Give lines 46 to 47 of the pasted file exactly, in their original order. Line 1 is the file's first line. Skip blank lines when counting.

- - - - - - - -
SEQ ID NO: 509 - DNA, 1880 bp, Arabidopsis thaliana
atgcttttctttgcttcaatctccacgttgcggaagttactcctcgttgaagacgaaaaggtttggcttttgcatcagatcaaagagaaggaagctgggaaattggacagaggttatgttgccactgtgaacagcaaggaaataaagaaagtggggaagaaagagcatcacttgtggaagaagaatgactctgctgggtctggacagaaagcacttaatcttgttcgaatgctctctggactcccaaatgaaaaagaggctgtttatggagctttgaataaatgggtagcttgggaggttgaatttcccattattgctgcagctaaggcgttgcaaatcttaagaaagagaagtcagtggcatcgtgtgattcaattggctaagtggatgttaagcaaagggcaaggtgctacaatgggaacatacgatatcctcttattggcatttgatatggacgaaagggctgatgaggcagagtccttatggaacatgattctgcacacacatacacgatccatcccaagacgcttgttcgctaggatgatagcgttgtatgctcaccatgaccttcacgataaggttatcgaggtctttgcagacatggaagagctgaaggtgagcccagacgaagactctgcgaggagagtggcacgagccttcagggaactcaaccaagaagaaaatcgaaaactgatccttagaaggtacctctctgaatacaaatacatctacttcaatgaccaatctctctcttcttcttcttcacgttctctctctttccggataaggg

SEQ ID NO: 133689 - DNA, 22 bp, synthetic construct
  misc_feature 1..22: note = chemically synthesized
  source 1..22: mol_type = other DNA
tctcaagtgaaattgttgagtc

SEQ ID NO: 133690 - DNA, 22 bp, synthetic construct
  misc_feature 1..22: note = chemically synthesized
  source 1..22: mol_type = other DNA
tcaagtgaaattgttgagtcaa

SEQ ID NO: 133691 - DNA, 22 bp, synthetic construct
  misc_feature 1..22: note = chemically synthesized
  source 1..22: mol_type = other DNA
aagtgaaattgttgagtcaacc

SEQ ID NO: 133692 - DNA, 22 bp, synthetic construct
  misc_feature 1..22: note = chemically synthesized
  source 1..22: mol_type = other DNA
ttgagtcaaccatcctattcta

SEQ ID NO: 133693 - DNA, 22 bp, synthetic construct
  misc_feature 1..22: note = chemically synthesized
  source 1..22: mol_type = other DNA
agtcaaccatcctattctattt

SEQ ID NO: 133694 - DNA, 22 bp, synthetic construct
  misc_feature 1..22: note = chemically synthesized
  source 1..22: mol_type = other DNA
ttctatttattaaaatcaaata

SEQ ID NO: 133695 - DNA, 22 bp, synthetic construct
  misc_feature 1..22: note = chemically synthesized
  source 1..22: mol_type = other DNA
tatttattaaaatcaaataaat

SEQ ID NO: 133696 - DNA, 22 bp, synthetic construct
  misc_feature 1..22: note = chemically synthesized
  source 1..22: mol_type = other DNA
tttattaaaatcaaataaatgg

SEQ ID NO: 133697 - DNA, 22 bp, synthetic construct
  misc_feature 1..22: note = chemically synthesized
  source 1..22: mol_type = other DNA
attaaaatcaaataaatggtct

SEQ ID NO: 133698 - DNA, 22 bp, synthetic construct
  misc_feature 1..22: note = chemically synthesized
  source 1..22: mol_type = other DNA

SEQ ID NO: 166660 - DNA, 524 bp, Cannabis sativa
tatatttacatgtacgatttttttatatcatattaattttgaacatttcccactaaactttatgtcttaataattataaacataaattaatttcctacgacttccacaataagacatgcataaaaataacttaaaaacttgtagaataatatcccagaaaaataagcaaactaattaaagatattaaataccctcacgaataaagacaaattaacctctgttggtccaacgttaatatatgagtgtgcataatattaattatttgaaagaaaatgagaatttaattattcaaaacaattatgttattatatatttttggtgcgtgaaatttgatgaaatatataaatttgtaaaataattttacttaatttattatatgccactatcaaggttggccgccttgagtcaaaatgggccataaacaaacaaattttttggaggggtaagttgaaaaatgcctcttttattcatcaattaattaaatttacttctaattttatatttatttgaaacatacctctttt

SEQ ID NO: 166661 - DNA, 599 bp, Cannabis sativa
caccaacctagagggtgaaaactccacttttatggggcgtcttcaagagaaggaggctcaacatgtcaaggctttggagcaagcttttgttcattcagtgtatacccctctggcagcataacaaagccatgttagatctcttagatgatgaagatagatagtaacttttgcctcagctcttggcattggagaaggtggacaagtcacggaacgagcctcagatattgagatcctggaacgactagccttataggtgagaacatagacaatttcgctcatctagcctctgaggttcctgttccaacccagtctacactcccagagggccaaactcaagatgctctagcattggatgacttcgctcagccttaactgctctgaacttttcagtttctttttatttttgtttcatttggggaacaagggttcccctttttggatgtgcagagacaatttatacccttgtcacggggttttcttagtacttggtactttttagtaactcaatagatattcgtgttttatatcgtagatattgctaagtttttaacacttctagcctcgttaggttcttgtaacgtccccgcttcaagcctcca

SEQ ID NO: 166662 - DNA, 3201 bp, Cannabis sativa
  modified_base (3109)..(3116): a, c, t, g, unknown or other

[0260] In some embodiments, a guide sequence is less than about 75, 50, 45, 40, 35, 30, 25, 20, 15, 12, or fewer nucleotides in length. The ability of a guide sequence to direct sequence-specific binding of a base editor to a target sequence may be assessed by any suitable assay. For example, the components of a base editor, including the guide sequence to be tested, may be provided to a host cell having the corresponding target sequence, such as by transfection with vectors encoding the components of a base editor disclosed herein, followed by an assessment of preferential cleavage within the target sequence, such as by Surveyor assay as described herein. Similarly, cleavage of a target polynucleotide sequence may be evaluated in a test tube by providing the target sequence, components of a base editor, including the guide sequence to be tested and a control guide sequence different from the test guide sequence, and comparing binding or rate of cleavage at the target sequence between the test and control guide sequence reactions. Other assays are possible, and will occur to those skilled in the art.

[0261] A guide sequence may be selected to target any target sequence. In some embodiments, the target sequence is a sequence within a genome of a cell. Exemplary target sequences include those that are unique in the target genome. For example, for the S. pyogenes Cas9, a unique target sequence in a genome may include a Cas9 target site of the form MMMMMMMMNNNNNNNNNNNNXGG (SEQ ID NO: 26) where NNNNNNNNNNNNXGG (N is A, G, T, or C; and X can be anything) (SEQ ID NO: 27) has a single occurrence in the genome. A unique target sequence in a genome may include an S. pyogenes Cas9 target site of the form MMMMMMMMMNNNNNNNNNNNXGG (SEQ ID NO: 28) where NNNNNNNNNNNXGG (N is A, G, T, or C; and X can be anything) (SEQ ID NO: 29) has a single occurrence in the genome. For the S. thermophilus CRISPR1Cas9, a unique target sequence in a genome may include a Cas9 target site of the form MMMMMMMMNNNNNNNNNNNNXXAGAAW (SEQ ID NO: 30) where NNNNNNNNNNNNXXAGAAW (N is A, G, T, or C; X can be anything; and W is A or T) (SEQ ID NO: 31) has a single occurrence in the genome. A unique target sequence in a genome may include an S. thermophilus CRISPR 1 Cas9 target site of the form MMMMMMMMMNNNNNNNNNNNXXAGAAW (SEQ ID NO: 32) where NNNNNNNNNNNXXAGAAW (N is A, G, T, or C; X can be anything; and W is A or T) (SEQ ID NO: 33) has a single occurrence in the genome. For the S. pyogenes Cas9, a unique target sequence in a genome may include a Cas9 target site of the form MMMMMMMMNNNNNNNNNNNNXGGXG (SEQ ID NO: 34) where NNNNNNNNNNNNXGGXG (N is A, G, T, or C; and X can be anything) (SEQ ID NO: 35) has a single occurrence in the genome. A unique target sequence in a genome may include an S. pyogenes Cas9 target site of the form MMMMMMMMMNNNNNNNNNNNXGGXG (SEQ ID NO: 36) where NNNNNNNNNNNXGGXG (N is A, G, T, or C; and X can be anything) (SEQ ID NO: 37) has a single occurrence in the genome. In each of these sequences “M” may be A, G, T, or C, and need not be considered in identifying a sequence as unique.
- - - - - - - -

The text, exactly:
SEQ ID NO: 166662 - DNA, 3201 bp, Cannabis sativa
  modified_base (3109)..(3116): a, c, t, g, unknown or other